Then I wondered what would happen if I went in the field and talked to her while I was with the kennel dogs. A novel idea, one I had no idea if it would make a difference to her, so I went out with the kennel dogs, she started barking and I said, “Hey Maizeymay, whatchta tellin me?”

A bunch of words that weren’t cues, just my happy confident voice saying “what’s up?” It was so funny! She perks up, looks around and then runs to the door looking for me. I say, “Hey girlie, I’m over here.” Once she found me I told her what a good girl she was and went about my business. She hasn’t barked at the kennel dogs again!

I don’t know that this is a permanent solution, I don’t know that it wasnt all coincidence, I don’t know that she learned anything. What I do know is my thinking has shifted and I’ve learned something!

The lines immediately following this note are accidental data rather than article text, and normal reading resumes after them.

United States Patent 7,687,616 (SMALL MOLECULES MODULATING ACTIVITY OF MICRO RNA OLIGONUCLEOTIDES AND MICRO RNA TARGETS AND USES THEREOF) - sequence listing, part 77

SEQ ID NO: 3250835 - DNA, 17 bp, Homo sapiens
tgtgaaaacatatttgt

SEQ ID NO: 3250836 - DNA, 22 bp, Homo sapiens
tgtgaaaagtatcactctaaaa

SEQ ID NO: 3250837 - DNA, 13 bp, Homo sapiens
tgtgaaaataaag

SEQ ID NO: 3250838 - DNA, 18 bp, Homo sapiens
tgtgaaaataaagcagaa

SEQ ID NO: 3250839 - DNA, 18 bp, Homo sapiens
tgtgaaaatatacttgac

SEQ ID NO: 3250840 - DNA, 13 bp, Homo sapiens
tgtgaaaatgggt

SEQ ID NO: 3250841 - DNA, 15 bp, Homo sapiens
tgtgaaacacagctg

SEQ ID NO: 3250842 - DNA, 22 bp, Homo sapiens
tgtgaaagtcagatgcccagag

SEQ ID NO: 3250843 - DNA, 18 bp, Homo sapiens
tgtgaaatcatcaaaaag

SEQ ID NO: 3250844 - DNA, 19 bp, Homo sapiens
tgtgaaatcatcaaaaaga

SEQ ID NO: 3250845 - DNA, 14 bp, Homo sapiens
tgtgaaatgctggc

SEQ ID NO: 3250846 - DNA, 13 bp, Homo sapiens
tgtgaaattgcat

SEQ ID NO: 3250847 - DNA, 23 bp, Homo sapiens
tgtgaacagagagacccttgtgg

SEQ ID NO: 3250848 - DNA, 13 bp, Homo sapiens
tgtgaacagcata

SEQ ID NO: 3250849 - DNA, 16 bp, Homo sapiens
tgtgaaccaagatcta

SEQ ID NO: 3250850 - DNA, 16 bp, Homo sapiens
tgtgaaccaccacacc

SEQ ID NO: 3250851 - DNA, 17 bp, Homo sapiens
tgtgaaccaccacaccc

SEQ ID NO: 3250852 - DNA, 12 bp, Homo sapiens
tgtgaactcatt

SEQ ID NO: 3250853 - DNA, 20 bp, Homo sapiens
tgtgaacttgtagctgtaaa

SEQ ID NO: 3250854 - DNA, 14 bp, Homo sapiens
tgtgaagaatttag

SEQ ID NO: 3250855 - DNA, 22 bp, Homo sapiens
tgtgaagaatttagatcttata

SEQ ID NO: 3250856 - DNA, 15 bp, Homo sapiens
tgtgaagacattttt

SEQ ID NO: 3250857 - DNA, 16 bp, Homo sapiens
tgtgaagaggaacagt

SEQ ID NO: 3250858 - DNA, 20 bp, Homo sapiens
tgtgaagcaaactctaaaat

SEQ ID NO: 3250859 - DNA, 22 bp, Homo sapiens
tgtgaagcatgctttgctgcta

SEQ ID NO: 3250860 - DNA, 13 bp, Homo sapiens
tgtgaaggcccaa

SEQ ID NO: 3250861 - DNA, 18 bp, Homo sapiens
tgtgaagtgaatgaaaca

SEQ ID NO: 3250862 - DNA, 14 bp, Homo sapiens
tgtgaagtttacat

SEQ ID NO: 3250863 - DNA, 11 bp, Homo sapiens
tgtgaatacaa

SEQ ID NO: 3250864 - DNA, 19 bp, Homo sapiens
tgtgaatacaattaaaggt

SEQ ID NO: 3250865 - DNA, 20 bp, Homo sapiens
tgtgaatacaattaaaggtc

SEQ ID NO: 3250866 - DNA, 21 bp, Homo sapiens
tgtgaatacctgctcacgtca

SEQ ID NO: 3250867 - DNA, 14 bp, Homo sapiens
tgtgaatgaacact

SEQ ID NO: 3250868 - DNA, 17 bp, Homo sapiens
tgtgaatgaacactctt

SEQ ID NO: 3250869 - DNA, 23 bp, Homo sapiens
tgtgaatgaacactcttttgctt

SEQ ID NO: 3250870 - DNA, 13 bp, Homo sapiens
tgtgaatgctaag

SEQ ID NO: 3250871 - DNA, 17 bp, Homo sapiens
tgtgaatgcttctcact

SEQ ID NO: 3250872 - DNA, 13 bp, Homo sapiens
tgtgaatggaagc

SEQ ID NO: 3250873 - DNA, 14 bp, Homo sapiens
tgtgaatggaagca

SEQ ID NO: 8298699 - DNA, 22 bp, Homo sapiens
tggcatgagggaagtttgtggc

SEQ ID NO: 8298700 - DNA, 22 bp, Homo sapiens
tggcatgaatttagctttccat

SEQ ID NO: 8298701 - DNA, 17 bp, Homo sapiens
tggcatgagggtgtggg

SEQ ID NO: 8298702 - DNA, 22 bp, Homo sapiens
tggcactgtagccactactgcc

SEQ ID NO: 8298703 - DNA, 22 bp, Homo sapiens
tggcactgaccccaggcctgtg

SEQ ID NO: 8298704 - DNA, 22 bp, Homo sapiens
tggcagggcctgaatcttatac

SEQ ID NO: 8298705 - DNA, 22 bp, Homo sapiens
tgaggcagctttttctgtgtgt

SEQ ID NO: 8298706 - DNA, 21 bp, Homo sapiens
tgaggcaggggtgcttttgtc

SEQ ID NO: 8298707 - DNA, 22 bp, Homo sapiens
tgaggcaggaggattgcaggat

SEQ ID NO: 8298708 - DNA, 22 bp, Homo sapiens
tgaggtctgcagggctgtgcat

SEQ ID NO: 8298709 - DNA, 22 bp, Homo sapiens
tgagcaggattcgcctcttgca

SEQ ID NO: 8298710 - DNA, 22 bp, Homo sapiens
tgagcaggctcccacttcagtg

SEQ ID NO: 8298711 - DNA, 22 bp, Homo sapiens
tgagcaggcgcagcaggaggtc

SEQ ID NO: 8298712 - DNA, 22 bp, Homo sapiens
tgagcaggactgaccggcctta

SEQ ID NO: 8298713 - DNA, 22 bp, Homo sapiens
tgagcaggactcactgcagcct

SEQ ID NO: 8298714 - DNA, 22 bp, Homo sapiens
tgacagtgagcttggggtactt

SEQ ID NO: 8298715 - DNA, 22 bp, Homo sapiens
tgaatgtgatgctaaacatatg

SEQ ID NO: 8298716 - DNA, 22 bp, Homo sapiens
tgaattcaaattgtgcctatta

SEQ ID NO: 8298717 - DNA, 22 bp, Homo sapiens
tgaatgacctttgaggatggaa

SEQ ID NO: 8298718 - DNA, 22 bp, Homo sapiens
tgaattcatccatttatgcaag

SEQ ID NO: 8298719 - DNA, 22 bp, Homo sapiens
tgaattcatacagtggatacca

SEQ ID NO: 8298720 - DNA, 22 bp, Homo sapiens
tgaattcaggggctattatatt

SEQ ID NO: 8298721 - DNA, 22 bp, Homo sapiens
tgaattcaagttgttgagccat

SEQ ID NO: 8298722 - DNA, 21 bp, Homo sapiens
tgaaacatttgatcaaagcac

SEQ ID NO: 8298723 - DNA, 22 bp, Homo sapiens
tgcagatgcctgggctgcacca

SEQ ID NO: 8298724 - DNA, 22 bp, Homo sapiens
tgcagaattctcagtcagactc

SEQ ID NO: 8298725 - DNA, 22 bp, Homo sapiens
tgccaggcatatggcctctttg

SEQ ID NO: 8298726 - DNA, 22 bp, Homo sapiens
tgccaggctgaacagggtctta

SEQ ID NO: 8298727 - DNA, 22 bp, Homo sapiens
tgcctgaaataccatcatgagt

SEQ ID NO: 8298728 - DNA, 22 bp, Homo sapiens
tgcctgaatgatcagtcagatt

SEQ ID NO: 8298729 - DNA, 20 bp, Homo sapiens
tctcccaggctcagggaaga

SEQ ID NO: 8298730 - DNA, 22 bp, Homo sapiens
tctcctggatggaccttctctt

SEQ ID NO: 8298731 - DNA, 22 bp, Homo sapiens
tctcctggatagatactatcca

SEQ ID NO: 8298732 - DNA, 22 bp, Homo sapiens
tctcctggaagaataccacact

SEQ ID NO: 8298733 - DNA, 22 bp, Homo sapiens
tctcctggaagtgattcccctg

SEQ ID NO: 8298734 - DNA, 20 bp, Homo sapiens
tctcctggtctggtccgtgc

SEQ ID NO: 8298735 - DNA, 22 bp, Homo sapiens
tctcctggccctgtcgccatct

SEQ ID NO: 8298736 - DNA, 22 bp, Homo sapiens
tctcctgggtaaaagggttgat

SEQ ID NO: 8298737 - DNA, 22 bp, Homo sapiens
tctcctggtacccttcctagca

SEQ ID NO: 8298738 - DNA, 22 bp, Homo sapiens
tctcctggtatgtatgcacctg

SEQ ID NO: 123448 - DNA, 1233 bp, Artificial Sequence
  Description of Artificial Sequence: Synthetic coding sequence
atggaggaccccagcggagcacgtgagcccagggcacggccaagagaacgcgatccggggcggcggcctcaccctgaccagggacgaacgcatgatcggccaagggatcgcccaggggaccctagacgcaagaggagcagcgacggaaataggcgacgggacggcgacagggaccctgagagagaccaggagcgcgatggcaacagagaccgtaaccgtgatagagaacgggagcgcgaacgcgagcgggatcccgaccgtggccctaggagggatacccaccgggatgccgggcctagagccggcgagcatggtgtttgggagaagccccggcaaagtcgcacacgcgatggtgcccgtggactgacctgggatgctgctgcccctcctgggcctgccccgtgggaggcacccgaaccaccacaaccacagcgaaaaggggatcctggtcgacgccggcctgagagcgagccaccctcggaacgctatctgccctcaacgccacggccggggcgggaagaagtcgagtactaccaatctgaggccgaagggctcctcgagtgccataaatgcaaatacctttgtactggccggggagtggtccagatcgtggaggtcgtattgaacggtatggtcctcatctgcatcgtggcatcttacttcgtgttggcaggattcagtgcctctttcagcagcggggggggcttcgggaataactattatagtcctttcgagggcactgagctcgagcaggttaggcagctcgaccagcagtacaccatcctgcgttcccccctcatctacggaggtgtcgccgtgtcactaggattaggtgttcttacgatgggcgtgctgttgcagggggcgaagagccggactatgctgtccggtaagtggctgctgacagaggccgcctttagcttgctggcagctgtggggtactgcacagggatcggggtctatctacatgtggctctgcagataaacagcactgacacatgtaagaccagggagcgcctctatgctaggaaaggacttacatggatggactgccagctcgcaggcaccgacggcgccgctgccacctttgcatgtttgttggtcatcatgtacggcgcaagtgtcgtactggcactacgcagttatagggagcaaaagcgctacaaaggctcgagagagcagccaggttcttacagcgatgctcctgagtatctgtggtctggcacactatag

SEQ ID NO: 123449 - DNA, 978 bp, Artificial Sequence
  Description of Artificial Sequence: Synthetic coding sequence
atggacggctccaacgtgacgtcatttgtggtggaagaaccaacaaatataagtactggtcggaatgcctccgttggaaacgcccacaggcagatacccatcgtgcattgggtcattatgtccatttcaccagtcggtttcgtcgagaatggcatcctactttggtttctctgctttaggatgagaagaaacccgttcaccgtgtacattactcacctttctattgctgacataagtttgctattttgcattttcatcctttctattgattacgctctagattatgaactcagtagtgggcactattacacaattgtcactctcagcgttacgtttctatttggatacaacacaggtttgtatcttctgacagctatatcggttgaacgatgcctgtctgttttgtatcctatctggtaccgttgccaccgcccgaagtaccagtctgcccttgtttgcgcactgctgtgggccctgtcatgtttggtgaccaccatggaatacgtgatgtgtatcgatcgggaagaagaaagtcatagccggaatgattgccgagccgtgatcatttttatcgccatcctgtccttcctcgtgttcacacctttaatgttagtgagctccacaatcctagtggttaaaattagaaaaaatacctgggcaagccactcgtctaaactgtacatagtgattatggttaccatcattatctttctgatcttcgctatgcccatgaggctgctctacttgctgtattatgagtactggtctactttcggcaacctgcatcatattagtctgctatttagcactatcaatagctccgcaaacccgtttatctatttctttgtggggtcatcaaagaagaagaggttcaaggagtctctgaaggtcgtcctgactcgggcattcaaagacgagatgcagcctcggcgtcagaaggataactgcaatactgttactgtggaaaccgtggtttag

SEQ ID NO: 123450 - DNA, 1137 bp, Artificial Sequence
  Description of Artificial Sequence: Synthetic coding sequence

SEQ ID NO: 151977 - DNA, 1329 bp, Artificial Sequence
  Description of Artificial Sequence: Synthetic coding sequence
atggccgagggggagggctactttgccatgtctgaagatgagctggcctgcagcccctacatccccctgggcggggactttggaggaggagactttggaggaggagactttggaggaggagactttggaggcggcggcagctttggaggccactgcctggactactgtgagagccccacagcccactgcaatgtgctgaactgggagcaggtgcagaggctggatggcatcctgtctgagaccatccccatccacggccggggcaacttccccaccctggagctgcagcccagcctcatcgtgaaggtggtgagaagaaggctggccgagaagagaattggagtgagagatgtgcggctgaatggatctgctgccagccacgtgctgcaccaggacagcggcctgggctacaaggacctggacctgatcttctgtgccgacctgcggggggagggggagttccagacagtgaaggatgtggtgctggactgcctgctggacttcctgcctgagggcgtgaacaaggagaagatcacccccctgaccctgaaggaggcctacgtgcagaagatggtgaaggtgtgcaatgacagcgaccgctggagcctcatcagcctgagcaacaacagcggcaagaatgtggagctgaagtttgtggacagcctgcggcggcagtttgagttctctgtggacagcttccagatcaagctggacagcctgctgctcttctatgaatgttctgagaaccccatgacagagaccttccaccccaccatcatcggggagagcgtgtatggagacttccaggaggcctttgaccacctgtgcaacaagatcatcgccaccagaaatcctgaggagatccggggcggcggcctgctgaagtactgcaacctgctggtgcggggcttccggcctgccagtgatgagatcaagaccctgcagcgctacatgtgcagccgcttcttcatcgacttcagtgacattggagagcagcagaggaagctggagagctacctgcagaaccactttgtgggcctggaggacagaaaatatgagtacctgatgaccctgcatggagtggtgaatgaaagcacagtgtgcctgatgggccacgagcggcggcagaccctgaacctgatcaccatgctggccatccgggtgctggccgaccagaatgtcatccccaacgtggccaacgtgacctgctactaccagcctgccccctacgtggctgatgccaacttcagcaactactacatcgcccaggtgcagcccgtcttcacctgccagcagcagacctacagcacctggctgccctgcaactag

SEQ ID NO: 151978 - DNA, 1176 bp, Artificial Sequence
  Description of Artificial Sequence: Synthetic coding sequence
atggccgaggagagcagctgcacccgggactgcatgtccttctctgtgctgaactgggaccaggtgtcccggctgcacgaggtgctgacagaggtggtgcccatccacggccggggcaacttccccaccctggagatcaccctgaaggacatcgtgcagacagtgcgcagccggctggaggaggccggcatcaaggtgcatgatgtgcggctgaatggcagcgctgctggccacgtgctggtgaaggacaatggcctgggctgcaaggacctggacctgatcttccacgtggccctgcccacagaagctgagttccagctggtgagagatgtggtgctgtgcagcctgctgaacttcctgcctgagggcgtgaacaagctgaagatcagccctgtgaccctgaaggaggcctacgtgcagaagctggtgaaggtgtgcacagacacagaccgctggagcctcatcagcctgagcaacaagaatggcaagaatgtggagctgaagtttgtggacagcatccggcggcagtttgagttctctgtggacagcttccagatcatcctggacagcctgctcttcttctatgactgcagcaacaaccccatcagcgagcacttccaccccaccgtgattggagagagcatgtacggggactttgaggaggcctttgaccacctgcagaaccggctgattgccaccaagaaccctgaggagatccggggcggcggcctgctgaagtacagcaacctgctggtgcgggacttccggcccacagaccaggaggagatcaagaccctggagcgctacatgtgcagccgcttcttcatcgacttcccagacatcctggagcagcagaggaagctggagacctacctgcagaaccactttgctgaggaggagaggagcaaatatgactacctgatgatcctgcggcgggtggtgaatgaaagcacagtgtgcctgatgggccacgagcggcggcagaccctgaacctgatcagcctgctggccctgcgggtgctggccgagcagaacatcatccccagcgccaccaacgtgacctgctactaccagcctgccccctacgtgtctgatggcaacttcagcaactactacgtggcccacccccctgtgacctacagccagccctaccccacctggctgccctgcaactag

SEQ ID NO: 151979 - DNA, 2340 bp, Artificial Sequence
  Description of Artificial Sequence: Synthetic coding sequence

Another example: She gets her detox in a spoon full of yogurt or something yummy. With six other dogs around it takes more management to get her in a space where she can eat with out being interrupted by curious mouths. Instead of thinking how can I get these dogs to stop bugging her when she takes her detox I started thinking, “What do I want it to be like when I give her this medicine?”

The answer? I just need a little space and the other dogs to wait their turn for a treat.

The solution? Have Maizey hop on a kitchen chair and sit while the other dogs practice some treat zen and wait their turn. Then give each one a treat and wallaah! We have a simple, peaceful way for Maizey to get her meds and all the dogs get to practice a little self control. We’re all happy!

Short story long I’m loving my Training Levels books. If you haven’t ordered yours yet I highly recommend it. They are an invaluable tool for any one with a 4legged friend!.

Now, I’m off for more rabid Training Levels learning!